Drummond Report: Bloodbath Aftermath

McGuinty Government's Dire Situation Requires many tough decisions

by Angus Gillespie

They are merely economic recommendations from a noted expert, but with 362 from which to consider, each comes with a painful jolt of reality that many Ontarians are still trying to comprehend. When a detailed financial status report was released by former TD Bank Chief Economist Don Drummond, it took even the most ardent, aggressive pessimists by surprise with its candor, harshness and in-depth analysis in terms of what Ontario’s provincial government needs to do in order to rid itself of its annual crushing deficits. Putting it in perspective, this document makes the Mike Harris Common Sense Revolution spending cuts look like a walk in the park.

But the deeper, much wider implications of the report go well beyond Ontario and should serve as a stark reminder to all provinces and territories that running huge deficits will invariably lead to crippling financial debts. Ontario and Quebec, Canada’s two largest provinces, now log expenditures well beyond their means; and even more worrisome are concerns there have been few answers to address the crises.

“The government will have to cut program spending more deeply on a real per capita basis and over a much longer period of time than the Harris government did in the 1990s,” Drummond writes in his detailed account. There have already been a number of economists who have made comparisons of Ontario’s out-of-control spending with that of the debt crises faced by the likes of Greece and Portugal, but in reality it would take decades to reach those levels. The problems and economic neglect from countries such as those first surfaced as far back as 40 years.

The Ontario government wanted honest answers from Drummond on how to cut its mounting deficit; it got that, and then some. As it stands, Canada’s largest province runs an annual deficit of more than $16 billion. Drummond has indicated the figure will balloon to $30 billion in the next five years unless some serious belt-tightening begins – and soon. The cumulative debt stands at $215 billion, but will rise to $410 billion by 2017 if the same charted course were to remain. To its credit, the government did move forward on this contentious matter with a relative degree of transparency, knowing full-well that the final report would be one huge black eye for the provincial Liberals. But since the report was first released, there has now been ample time to digest its contents.

So the big question is: What now, Mr. McGuinty? The decisions, or non-decisions, to be made by the premier and Finance Minister Dwight Duncan will have huge short-term and long-term ramifications. Economic Development Minister Brad Duguid says the Liberal government is looking at streamlining $1.3 billion in business subsidy programs to save “hundreds of millions of dollars.” However, as of our publication date, there was still no word on what specific cuts would be made.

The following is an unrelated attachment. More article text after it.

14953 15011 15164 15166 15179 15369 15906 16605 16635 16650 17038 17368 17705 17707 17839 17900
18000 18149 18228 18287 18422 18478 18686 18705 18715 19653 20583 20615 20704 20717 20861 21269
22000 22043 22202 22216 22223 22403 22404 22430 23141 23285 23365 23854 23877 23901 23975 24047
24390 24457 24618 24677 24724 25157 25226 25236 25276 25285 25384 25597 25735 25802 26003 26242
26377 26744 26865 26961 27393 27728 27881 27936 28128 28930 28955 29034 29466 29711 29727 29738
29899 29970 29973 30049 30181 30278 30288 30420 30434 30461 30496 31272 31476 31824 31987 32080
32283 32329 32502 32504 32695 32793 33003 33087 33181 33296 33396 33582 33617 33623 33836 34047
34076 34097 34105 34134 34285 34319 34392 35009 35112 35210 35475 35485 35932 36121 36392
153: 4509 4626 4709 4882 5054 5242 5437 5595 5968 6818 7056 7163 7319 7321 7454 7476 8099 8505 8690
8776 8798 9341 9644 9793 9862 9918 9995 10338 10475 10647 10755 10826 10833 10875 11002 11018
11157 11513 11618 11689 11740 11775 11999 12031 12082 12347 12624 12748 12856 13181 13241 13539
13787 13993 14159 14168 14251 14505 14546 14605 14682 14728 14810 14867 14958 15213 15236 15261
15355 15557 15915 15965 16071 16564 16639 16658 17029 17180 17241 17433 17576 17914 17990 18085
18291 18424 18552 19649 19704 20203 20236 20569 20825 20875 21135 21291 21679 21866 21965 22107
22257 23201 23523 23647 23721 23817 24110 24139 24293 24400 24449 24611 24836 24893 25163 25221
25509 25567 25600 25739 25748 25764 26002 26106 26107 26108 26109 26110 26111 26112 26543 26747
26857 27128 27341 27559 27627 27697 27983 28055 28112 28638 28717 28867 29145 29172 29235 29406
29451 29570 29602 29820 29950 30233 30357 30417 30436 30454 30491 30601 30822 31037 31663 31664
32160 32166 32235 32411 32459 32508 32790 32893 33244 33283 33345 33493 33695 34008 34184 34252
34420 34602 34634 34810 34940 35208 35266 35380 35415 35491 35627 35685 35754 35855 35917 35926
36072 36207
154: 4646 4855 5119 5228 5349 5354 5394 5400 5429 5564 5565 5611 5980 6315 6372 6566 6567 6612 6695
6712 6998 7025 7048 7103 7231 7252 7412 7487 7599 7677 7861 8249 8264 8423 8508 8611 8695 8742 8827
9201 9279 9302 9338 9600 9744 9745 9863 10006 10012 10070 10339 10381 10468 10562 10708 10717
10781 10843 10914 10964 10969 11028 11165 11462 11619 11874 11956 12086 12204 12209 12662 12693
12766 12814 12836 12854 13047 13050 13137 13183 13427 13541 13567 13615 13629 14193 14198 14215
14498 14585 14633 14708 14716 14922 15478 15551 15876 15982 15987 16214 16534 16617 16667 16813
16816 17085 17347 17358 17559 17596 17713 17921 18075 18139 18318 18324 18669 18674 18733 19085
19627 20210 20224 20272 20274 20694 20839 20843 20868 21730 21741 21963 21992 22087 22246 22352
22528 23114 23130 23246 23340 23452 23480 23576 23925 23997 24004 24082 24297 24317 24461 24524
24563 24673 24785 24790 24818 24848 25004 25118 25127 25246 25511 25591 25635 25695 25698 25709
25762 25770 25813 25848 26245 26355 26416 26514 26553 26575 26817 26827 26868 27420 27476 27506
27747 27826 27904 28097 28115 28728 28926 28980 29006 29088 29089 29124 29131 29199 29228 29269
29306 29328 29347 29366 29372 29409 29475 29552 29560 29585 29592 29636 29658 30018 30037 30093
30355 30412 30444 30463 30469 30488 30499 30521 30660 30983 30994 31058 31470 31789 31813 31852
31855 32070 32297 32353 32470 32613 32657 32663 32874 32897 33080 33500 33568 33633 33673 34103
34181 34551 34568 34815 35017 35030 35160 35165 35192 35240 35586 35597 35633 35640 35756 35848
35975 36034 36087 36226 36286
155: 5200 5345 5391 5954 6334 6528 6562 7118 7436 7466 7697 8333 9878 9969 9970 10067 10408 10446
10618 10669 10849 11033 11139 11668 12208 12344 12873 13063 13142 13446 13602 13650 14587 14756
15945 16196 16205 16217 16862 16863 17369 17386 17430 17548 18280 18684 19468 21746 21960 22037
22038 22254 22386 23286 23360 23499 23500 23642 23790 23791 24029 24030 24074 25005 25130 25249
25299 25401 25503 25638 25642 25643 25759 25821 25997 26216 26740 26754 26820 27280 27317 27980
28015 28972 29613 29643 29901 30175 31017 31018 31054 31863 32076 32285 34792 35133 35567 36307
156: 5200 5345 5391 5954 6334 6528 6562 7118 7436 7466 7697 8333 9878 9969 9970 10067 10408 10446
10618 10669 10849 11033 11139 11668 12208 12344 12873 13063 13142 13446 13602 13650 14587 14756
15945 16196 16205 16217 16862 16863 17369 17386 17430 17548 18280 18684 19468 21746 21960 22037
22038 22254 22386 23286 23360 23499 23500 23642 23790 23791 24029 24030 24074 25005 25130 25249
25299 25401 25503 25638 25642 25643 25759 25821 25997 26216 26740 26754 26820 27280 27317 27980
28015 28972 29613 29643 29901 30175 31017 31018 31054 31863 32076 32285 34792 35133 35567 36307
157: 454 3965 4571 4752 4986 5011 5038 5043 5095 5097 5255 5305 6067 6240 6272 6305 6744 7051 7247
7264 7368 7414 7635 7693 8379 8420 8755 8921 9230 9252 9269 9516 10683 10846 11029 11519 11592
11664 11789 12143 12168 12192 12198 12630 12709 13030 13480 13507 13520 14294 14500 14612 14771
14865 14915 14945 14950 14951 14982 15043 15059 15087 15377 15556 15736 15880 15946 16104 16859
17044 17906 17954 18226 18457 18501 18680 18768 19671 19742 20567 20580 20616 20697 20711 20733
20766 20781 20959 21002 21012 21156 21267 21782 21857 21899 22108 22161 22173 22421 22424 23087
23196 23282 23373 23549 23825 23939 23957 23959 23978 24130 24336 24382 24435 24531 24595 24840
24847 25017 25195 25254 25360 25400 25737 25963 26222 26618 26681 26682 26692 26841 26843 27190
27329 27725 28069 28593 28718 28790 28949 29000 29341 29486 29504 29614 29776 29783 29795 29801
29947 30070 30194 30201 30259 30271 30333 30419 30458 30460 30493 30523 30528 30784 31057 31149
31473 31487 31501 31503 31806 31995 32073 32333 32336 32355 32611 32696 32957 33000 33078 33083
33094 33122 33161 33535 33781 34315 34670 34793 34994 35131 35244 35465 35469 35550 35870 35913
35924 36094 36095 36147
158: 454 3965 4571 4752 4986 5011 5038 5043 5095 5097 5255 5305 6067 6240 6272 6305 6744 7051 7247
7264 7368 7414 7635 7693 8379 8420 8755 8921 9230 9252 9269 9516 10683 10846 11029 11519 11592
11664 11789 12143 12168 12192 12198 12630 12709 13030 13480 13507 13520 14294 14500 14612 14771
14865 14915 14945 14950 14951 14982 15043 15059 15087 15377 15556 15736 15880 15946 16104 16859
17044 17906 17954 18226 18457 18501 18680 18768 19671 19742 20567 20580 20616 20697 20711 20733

Drummond, 58, is the first to admit that implementing his recommendations will be extremely painful, but he was commissioned to reveal and detail what is needed in order to get the books balanced. He says such drastic measures are “necessary if Ontario is to escape its recent history of rising public debt that forces the government to spend more than it should on interest payments.”

362 Ways to Cut Costs

With those 362 recommendations on the table, virtually every sector of government spending has been targeted. Proposed changes include having more healthcare patients treated away from hospitals whenever possible, which would result in far less expenses. Healthcare spending currently rises at a rate of almost 7 per cent per annum. The report determines the goal should be to cap increases at 2.5 per cent. Given that this hasn’t been achieved in any jurisdiction in Canada for about three decades, it seems highly doubtful Ontario will be the one to break the infamous trend.

Other recommendations include: increasing hydro bills, average school classes going from 20 to 26 students, better control over public-sector wages, expanding LCBO outlets and shuttering Casino Niagara in Niagara Falls. Casino Niagara was the original gambling haven built in the Honeymoon Capital in 1996, but was done so on the premise of being an interim solution, while the much larger and more expensive Niagara Fallsview Casino Resort was being constructed. However, due to its prime location in the tourist section of the city, the Ontario government decided to keep both operating, even after the $1 billion Fallsview Casino opened its doors to the public in 2004.

Furthermore, Drummond says the Ontario Child Benefit needs to be held at $1,100 per child, per year, instead of allowing it to rise to the $1,310 as called for in last year’s budget by Finance Minister Duncan. Drummond calls for the elimination of all-day kindergarten, which the Liberals immediately flatly rejected – this despite the fact Duncan promised the government would look at each of the recommendations very closely before making any final decisions. Skeptics’ question just how much time would be spent teaching these 4 and 5-year-olds, and how much would amount to little more than an extended, free, all-day babysitting service.

It’s Drummond’s contention that if the government is unwilling to slash programs in order to save money and prevent itself from going further into debt, it has few options other than to significantly raise taxes. McGuinty and Duncan were both quick to quash that idea. Problem is, they’ve already said “no” to a number of suggestions – so if that’s the case, where and when will any significant cost-cutting measuring come?